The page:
I’m sure I’ve mentioned it before, but I grew up attending a private school where religion was discussed every day. My home church was adjoined to this school, so my weekly Bible classes usually were focused more succinctly upon during Sunday’s sermon. It came to the point where I knew my Bible stories so well and the teachings of my Lutheran faith so clear that I took advantage of the grace by which I was saved. God’s Word, church, and my faith played a small part of much of my college life. I maintained my strong morals, mostly out of fear instilled in me by  I only attended service when forced to do so by my parents. I only prayed when life became too stressful.

Then X and I broke up and I found myself clinging to the only One who I had been taught was always there for me — God. I prayed for strength, I prayed for success, I prayed for healing of the pain. Then I met Army and life was good again… except the fact that he was a self-claimed agnostic. I wrestled with this fact throughout the entire relationship; yes, I loved him, but could there potentially be a future with someone who openly mocked my faith?

By the end of the relationship, I had made up my mind. My recovery time over our break up took less time than with X because I knew, truthfully, there had never been a future for Army and me. I never wanted to take advantage of my faith again. I wanted to retain and be proud of my morals. I chose eternal grace over earthly love.

Upon our break up, I also made the choice to refocus on my faith. I didn’t want to revert back to clinging to God as my only source of support and I didn’t want to pray only for my own needs and wants. I wanted to be a better person and a better believer.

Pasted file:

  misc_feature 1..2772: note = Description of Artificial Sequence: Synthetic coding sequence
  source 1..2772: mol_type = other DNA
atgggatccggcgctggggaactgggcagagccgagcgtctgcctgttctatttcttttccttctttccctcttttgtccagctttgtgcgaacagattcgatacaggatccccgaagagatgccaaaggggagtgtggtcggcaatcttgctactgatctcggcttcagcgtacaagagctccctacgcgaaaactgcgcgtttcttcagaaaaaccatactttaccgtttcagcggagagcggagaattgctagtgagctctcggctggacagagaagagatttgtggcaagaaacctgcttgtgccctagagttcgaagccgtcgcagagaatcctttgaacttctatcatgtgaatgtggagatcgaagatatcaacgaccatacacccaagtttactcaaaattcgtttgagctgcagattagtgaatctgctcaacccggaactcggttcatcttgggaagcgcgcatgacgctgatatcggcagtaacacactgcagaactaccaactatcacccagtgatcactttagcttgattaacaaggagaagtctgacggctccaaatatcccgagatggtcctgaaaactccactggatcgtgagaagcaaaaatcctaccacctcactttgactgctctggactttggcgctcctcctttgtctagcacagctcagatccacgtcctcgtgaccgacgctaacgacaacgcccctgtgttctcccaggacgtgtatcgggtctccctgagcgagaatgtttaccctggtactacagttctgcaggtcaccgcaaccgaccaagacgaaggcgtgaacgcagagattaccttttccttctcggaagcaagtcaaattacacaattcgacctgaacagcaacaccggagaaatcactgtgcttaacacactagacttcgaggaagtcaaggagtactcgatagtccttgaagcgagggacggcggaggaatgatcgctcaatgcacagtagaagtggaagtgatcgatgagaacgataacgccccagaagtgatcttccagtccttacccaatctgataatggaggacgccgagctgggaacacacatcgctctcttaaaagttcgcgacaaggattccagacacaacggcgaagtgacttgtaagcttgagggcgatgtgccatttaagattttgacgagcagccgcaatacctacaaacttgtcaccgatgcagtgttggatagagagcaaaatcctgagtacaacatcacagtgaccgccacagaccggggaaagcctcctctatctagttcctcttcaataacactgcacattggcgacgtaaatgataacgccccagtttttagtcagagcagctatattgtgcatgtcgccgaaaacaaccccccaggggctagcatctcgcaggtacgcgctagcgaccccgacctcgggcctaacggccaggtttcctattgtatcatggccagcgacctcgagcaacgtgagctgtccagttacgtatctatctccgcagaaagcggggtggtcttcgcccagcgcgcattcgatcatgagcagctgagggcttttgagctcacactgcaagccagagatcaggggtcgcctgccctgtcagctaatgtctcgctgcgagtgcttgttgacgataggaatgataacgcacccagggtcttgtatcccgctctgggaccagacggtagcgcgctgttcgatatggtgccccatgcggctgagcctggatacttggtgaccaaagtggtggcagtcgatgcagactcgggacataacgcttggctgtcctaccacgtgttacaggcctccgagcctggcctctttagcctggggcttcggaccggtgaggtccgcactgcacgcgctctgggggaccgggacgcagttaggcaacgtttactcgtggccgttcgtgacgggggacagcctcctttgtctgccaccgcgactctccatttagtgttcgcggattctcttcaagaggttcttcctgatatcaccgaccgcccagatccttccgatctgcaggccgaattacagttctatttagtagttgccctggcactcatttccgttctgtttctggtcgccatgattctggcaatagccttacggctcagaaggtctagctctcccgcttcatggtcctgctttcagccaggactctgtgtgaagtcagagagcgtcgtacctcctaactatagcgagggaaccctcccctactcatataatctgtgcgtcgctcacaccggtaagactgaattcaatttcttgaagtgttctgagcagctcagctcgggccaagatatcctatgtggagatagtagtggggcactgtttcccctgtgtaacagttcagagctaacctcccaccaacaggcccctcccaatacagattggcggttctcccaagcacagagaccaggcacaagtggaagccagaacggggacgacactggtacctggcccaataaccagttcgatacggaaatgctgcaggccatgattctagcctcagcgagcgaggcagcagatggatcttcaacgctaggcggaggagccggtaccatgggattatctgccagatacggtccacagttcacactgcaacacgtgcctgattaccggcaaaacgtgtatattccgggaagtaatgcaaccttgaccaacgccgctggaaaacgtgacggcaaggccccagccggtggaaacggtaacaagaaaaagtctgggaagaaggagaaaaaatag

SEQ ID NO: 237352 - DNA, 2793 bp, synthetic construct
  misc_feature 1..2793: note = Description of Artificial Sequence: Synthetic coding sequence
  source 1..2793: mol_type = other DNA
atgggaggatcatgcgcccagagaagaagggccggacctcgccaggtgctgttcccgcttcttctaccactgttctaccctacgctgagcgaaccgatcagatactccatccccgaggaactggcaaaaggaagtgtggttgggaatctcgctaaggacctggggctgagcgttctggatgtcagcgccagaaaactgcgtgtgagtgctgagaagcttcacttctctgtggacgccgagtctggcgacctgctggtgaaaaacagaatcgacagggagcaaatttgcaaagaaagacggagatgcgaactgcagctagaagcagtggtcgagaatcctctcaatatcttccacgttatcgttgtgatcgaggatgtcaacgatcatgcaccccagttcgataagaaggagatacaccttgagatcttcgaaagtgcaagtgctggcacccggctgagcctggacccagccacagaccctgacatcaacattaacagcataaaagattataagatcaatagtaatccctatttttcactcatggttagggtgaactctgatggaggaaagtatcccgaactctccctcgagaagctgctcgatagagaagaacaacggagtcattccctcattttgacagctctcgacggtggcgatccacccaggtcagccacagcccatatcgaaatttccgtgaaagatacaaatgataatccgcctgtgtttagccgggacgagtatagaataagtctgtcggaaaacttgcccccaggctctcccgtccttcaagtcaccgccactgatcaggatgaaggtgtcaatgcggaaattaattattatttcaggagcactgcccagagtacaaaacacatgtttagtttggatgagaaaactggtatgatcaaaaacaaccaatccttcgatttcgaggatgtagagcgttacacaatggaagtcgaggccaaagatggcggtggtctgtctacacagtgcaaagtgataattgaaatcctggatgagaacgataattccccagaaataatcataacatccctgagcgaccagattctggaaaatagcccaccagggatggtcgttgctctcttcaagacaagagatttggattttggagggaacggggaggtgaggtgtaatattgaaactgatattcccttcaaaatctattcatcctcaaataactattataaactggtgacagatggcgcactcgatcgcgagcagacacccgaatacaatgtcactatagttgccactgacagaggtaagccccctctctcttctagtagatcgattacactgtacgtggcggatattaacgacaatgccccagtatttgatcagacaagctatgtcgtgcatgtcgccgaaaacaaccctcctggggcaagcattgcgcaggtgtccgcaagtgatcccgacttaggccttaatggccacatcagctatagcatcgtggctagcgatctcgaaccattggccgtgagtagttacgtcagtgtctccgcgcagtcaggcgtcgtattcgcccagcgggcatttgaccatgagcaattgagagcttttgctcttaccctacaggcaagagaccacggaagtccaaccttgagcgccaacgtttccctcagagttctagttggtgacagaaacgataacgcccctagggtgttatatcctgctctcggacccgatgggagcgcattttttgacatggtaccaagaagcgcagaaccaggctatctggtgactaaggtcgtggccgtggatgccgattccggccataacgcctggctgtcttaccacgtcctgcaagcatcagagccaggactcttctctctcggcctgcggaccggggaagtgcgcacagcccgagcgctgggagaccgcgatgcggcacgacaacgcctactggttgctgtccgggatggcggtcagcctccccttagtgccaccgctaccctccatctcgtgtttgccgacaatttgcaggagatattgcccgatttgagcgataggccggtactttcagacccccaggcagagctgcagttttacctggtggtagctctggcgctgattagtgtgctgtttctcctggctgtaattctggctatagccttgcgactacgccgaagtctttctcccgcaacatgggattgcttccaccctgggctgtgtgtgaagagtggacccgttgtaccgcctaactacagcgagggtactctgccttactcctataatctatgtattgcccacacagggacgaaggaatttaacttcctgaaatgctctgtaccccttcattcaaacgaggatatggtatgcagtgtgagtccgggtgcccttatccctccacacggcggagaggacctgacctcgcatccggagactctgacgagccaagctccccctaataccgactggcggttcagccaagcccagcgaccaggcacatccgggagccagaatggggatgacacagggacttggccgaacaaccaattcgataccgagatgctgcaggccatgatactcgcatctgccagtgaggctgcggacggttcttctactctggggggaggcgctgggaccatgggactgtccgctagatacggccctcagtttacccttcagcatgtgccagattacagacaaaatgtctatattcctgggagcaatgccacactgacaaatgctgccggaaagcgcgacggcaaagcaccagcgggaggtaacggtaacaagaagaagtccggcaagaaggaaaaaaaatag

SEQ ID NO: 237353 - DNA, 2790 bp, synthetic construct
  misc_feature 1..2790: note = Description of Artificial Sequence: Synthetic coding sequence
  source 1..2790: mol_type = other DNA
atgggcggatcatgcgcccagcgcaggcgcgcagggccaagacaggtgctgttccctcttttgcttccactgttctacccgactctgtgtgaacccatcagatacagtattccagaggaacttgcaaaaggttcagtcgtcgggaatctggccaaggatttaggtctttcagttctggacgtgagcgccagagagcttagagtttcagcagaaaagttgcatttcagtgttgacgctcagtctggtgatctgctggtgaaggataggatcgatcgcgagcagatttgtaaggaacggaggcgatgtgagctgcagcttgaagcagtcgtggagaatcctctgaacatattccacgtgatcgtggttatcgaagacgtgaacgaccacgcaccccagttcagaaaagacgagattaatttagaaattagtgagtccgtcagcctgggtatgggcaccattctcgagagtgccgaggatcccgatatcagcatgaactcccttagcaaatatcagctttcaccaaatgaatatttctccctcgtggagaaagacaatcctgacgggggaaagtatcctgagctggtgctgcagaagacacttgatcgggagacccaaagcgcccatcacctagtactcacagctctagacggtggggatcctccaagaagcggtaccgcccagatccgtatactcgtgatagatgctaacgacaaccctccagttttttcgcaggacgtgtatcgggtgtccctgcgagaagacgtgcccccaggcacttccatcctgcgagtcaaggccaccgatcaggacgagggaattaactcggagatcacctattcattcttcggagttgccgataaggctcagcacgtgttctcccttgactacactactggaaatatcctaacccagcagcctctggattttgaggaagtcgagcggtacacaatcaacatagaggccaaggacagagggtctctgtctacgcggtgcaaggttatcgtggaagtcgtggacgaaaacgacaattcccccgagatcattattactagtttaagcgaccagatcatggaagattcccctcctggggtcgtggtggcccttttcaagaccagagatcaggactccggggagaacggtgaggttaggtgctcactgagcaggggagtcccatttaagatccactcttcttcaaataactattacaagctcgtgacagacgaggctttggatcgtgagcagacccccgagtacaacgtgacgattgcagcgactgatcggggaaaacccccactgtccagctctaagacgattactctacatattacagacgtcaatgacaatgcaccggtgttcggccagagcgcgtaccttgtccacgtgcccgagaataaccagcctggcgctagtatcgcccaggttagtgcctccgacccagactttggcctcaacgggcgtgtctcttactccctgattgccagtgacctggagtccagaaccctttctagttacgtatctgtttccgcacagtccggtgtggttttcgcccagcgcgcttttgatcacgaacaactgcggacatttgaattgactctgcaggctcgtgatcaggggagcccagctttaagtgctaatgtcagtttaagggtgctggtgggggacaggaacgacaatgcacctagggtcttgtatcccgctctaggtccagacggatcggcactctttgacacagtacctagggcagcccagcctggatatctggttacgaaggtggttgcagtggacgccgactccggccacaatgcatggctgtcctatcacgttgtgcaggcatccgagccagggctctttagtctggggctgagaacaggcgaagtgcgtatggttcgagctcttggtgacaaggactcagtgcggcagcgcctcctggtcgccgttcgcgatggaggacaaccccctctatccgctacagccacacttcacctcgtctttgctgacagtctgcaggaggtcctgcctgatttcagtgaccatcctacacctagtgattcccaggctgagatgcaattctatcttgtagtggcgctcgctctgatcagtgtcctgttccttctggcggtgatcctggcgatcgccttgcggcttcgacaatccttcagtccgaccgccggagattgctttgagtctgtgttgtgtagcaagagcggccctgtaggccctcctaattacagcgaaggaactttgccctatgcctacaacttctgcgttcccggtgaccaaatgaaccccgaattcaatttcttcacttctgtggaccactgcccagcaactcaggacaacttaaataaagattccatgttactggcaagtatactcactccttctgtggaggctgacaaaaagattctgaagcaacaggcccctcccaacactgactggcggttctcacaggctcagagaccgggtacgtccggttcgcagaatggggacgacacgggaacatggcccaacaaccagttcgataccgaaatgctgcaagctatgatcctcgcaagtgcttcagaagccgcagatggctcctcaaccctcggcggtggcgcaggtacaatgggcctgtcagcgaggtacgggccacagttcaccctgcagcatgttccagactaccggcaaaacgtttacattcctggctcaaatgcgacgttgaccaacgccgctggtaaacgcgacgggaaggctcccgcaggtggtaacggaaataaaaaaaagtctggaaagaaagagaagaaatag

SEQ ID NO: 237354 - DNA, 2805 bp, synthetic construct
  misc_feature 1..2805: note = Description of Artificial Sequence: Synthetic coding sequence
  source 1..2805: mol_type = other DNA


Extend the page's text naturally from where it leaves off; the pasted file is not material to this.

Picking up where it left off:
So I broke out of my comfort zone and went to my first Bible study group meeting at the beginning of August. The group, called House, has become my closest network of support, friendship, and spiritual encouragement. A group of 20-somethings all struggling to gain footing in a world focusing more internally than externally, House not only allows me to explore God’s Word in new and enticing ways, but it has given me examples of peers who are going through life at the same speed I am. I no longer am focused on being single, but I am content knowing I have friends to spend time with and experience life. I no longer feel ashamed of my faith or scared to be mocked over my morals because I have the support of similar faiths surrounding me. It truly is uplifting!